A father’s perspective: Our journey to finding a treatment
When Quinn, our soon-to-be-born daughter, didn’t make as much movement in the womb as our other 3 children, my wife, Annie, and I thought we had the “chillest” baby in the world. We joked that she was saving up all her energy for when she entered this world kicking and screaming. Quinn was born in August 2018, and she was the most beautiful little girl. Over the first few months, nothing seemed out of the ordinary. In fact, she appeared healthy and had strong upper body strength. But by the time Quinn’s 9-month check-up came around in June, her physical condition started to change.
The PCA I have for my most difficult shift to fill has been with me for almost a year. Lately she’s been calling out a lot. Actually she’s always called out often, but recently more so. Mainly her excuse is a sick kid. She doesn’t give me any indication that she’s unhappy working here, but I can’t fathom her kid is actually sick that often. This week it happened to be over MEA. Coincidence? I really like working with her, so I want to give her the benefit of the doubt. Furthermore I don’t want to go on a new PCA search if I don’t have to. If she doesn’t want to work here I don’t want to force her to either. It’s just getting difficult to cover her so much. I’m just not sure how to approach the subject with her. Thoughts or ideas?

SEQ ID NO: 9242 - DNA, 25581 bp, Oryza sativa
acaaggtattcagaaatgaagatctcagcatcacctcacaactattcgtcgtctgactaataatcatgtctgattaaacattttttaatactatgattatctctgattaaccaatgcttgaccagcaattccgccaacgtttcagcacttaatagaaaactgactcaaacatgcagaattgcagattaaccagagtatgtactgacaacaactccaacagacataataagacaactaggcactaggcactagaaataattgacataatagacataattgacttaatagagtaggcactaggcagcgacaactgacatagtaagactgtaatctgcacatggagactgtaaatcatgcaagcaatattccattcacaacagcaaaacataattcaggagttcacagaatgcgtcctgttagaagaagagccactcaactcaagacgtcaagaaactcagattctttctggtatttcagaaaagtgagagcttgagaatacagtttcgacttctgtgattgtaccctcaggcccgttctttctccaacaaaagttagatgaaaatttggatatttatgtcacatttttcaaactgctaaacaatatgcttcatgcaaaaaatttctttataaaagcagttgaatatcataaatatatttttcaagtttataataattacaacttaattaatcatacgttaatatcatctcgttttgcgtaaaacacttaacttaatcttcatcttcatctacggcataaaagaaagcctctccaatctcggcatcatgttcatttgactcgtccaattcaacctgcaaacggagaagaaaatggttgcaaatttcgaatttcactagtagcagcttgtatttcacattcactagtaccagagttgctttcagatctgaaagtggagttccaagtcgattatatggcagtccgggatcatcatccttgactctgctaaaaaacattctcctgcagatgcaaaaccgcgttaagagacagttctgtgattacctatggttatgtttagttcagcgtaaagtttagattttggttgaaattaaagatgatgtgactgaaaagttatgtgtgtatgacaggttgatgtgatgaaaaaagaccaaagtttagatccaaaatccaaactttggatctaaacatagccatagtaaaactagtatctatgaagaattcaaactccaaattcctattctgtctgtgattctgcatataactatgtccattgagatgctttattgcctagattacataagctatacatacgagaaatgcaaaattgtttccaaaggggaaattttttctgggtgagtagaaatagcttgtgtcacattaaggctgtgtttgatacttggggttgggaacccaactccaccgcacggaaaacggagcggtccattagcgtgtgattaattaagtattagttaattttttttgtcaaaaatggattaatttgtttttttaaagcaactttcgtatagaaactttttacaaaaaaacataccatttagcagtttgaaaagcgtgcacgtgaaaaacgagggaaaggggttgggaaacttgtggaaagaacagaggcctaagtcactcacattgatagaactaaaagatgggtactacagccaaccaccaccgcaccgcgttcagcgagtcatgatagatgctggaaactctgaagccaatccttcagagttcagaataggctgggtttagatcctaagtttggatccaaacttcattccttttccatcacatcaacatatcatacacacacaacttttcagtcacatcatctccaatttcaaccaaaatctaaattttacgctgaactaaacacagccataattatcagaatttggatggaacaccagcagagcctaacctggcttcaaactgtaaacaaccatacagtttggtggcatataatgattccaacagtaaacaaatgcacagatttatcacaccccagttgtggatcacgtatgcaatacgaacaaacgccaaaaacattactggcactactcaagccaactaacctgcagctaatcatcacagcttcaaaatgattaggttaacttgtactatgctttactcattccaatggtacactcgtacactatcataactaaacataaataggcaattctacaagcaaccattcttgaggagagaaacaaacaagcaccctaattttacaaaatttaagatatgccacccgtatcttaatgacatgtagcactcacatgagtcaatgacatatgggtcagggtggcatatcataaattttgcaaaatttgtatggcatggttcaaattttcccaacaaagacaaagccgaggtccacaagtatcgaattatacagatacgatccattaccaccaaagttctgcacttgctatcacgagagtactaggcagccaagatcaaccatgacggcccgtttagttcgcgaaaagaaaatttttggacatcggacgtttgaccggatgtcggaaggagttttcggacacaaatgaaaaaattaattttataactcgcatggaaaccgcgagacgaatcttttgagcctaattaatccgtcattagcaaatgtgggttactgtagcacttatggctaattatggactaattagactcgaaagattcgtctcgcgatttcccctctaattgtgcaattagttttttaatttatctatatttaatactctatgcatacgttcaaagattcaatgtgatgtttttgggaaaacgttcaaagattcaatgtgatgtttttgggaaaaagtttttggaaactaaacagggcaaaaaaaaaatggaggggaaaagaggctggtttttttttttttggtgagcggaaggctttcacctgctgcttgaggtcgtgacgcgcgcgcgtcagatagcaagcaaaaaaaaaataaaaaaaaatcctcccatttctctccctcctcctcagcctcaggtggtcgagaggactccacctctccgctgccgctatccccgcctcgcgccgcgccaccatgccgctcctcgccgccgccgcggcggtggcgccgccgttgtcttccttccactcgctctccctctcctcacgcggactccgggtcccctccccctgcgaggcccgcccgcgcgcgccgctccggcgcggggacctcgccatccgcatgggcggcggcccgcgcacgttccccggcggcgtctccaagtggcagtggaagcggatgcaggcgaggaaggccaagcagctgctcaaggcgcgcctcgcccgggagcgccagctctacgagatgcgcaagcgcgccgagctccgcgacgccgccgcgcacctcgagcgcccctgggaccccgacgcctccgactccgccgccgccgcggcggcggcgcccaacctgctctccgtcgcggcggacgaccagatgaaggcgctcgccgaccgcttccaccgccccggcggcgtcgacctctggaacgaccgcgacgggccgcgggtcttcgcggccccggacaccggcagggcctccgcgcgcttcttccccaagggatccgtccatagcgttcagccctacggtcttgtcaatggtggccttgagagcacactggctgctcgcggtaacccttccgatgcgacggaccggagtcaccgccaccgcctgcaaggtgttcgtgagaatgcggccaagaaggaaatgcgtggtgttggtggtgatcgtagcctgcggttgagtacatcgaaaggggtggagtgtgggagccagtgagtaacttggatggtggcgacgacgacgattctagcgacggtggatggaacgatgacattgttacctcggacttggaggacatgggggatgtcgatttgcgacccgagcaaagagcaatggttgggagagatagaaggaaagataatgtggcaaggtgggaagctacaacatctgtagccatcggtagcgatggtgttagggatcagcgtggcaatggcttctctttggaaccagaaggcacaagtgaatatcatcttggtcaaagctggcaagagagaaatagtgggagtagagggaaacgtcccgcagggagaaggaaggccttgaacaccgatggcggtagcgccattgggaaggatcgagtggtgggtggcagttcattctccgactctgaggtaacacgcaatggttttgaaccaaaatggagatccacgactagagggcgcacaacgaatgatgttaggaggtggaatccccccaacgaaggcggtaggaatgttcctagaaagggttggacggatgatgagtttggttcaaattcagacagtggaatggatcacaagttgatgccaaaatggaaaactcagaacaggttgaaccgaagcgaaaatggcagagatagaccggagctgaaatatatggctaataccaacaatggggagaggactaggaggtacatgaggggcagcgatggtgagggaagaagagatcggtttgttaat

I agree with Ryan. You might just need to sit down with her and kindly explain your concerns. I’ve had to do this occasionally with a few of my nurses and they’re usually very receptive. If you think it would go better, you could also share your concerns with the agency that she works for and ask them to speak to her with you or on your behalf.
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